It’s important to be clear that this kind of personal guidance is not on the same level as the normative revelation of Scripture. The Bible is complete. But as pastor and author Henry Blackaby says, “When God speaks, he does not give new revelation about himself that contradicts what he has already revealed in Scripture. Rather, God speaks to give application of his Word to the specific instances in your life. When God speaks to you, he is applying to your life what he has already said in his Word.”
Then Why Get Counsel?
Now to your other question—if God is speaking clearly, why are prayer and counsel necessary? Because this is how the impression is tested. And because this is how humility is tested.
As women, we are called by Scripture to respect, honor, and submit ourselves to our husbands. But husbands are called to be under the authority of Christ and to follow His example in loving sacrificially (Ephesians 5:22-31). In fact, all Christians are under authority (1 Corinthians 11:3; 8-12). Therefore, in my opinion, two of the most important spiritual qualities to look for in a potential husband are humility and a submission to authority. If a man thinks he has heard from God about something so important as his future wife, it is commendable that he would seek confirmation in prayer and counsel. It shows that he is willing to be examined by others and to wait on God. The opposite is scary—the man who rushes in untested and unquestioned to announce that God has told him that you are to marry him. That kind of unquestioned authority is what leads to cults.
The Bereans were commended for examining the apostle Paul’s teaching in light of the Scriptures (Acts 17:11). If the biggest contributor to the New Testament was examined by others, should we expect any less of ourselves? We should always measure our impressions of God speaking against what is authoritatively recorded in the Bible. But our understanding of the impression we’ve received and the way we interpret the Bible should also withstand the counsel of others. It may be that our desires have blinded us to godly wisdom or accurate exegesis.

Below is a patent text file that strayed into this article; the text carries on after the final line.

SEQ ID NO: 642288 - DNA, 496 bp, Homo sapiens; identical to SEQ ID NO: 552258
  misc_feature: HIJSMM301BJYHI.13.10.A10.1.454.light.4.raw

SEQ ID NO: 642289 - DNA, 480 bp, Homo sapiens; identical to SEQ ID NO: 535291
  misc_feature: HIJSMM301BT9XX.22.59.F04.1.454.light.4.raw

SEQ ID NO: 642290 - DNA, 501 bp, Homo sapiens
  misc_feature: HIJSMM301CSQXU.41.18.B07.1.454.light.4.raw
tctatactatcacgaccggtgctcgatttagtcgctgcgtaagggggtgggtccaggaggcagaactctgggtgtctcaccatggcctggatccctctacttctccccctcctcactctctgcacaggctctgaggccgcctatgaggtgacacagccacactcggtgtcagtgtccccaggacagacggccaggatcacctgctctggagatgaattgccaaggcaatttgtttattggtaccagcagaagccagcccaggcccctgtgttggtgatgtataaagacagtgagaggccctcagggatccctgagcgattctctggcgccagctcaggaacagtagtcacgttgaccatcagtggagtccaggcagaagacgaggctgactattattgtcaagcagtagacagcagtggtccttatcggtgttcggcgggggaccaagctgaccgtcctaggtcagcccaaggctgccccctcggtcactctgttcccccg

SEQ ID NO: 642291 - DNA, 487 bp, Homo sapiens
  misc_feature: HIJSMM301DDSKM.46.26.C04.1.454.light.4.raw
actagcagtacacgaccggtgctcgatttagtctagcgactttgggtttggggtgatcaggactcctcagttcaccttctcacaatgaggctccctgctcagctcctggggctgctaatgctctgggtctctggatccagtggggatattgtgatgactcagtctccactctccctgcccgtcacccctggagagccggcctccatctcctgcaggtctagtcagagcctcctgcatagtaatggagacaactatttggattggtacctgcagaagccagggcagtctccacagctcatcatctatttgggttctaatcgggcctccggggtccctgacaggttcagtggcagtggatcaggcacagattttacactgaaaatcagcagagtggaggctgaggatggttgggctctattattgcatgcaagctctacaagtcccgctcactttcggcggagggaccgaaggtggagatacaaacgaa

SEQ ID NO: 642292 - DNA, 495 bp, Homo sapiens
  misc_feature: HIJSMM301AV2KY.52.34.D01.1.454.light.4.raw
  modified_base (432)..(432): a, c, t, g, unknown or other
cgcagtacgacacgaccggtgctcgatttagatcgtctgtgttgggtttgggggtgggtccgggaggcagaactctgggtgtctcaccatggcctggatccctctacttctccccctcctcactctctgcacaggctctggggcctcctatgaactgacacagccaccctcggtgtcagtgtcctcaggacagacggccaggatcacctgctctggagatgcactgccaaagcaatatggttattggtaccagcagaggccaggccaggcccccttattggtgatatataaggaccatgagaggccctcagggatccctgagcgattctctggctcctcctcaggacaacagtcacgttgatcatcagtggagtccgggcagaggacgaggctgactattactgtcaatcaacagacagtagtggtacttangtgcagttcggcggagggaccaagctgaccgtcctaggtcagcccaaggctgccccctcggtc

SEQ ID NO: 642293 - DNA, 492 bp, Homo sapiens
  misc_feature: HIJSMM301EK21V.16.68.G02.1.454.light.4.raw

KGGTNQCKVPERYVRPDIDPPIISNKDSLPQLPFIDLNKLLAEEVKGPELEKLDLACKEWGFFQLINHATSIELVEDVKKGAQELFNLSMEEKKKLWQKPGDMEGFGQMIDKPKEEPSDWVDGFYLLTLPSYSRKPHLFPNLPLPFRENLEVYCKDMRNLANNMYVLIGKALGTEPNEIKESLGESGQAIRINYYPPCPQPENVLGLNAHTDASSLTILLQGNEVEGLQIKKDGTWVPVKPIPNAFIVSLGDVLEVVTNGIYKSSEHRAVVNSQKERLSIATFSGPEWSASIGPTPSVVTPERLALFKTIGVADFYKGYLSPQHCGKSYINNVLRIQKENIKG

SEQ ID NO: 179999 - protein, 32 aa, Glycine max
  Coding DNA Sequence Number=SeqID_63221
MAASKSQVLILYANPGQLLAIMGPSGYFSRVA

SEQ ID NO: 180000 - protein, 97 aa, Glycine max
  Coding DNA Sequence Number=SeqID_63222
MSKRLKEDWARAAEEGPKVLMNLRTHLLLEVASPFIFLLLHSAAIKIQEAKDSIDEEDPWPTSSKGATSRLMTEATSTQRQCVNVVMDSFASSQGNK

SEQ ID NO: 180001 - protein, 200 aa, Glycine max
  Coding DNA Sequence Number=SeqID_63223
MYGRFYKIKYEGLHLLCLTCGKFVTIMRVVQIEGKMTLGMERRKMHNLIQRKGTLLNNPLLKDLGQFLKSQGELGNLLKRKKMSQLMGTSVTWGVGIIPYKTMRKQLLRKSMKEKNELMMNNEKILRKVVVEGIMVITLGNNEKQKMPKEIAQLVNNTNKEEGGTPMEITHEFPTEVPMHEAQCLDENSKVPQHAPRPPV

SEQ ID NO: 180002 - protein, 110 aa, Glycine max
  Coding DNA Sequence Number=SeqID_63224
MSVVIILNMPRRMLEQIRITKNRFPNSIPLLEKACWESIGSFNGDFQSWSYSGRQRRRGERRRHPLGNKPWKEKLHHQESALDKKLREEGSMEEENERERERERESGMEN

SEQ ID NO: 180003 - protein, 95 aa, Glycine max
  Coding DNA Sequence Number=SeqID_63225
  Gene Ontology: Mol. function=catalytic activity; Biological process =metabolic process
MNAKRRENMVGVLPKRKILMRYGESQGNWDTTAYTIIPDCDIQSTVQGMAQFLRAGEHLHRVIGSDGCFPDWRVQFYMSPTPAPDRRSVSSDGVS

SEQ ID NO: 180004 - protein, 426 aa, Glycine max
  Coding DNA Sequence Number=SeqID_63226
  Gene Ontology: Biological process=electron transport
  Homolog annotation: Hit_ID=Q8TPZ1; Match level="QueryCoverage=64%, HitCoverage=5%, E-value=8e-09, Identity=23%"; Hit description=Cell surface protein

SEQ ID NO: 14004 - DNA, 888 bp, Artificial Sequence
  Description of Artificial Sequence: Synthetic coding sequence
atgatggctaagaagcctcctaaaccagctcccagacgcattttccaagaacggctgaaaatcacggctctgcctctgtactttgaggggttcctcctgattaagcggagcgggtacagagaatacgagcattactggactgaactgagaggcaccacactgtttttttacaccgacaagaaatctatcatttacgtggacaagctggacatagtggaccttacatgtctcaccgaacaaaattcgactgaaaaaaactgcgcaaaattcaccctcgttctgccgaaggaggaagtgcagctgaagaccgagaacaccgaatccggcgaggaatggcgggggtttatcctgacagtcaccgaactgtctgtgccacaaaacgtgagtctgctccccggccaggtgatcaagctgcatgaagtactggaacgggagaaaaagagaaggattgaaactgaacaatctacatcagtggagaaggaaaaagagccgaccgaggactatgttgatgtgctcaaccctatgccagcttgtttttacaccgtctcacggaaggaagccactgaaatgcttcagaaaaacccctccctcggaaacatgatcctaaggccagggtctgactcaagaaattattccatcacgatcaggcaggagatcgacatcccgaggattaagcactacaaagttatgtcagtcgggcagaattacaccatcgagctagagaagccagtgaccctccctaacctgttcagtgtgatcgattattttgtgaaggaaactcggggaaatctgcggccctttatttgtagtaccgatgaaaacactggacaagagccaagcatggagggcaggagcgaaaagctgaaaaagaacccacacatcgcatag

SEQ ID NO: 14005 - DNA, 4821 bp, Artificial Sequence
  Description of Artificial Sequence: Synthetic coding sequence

The bonus is that this kind of self-controlled humility should carry through from courtship to marriage. One of the most encouraging post-honeymoon statements I ever heard came from a friend of mine to his new bride. He told her that though God had charged him with the responsibility of leading their family, he wanted his wife to know that if she ever felt he wasn’t listening to her counsel or was leading in a sinful or self-centered manner, she had not only his permission, but his encouragement, to go around him to their pastor to get help. This is a man who understands the value of accountability and counsel. What a tremendous blessing and reassurance to the woman who is called by God to follow him!
Back to the testimony you read—I hope your faith is bolstered by the fact that the Lord can speak a woman’s name to a praying man and that he will listen, seek counsel, and follow through. Additionally, when the tough times hit in a marriage—and they always do—what comfort it must be for such a couple to look back and know that God spoke and His people bore witness to it.
Carolyn McCulley works for Sovereign Grace Ministries in church and ministry relations. She is also an author ( Did I Kiss Marriage Goodbye? Trusting God with a Hope Deferred) and blogger (solofemininity.blogs.com). Carolyn is also a member of Covenant Life Church where one of her favorite ministries is the single women's discipleship program. She highly recommends the resources for singles from the New Attitude conference and blog.